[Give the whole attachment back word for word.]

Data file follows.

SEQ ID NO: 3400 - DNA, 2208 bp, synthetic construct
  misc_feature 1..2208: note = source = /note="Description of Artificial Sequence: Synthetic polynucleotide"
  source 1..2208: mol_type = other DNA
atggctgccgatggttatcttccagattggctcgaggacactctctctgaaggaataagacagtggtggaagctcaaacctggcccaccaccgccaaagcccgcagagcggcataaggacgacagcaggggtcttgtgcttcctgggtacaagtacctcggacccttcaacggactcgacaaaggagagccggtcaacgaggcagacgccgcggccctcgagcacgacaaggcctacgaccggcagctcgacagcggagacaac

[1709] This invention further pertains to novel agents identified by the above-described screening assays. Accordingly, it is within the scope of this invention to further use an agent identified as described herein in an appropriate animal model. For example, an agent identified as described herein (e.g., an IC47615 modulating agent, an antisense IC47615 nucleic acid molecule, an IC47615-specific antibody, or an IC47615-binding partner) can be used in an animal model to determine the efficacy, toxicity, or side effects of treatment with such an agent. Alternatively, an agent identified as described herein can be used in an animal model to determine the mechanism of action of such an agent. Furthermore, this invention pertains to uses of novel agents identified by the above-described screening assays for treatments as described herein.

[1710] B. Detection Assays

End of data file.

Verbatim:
SEQ ID NO: 3400 - DNA, 2208 bp, synthetic construct
  misc_feature 1..2208: note = source = /note="Description of Artificial Sequence: Synthetic polynucleotide"
  source 1..2208: mol_type = other DNA
atggctgccgatggttatcttccagattggctcgaggacactctctctgaaggaataagacagtggtggaagctcaaacctggcccaccaccgccaaagcccgcagagcggcataaggacgacagcaggggtcttgtgcttcctgggtacaagtacctcggacccttcaacggactcgacaaaggagagccggtcaacgaggcagacgccgcggccctcgagcacgacaaggcctacgaccggcagctcgacagcggagacaac

[1709] This invention further pertains to novel agents identified by the above-described screening assays. Accordingly, it is within the scope of this invention to further use an agent identified as described herein in an appropriate animal model. For example, an agent identified as described herein (e.g., an IC47615 modulating agent, an antisense IC47615 nucleic acid molecule, an IC47615-specific antibody, or an IC47615-binding partner) can be used in an animal model to determine the efficacy, toxicity, or side effects of treatment with such an agent. Alternatively, an agent identified as described herein can be used in an animal model to determine the mechanism of action of such an agent. Furthermore, this invention pertains to uses of novel agents identified by the above-described screening assays for treatments as described herein.

[1710] B. Detection Assays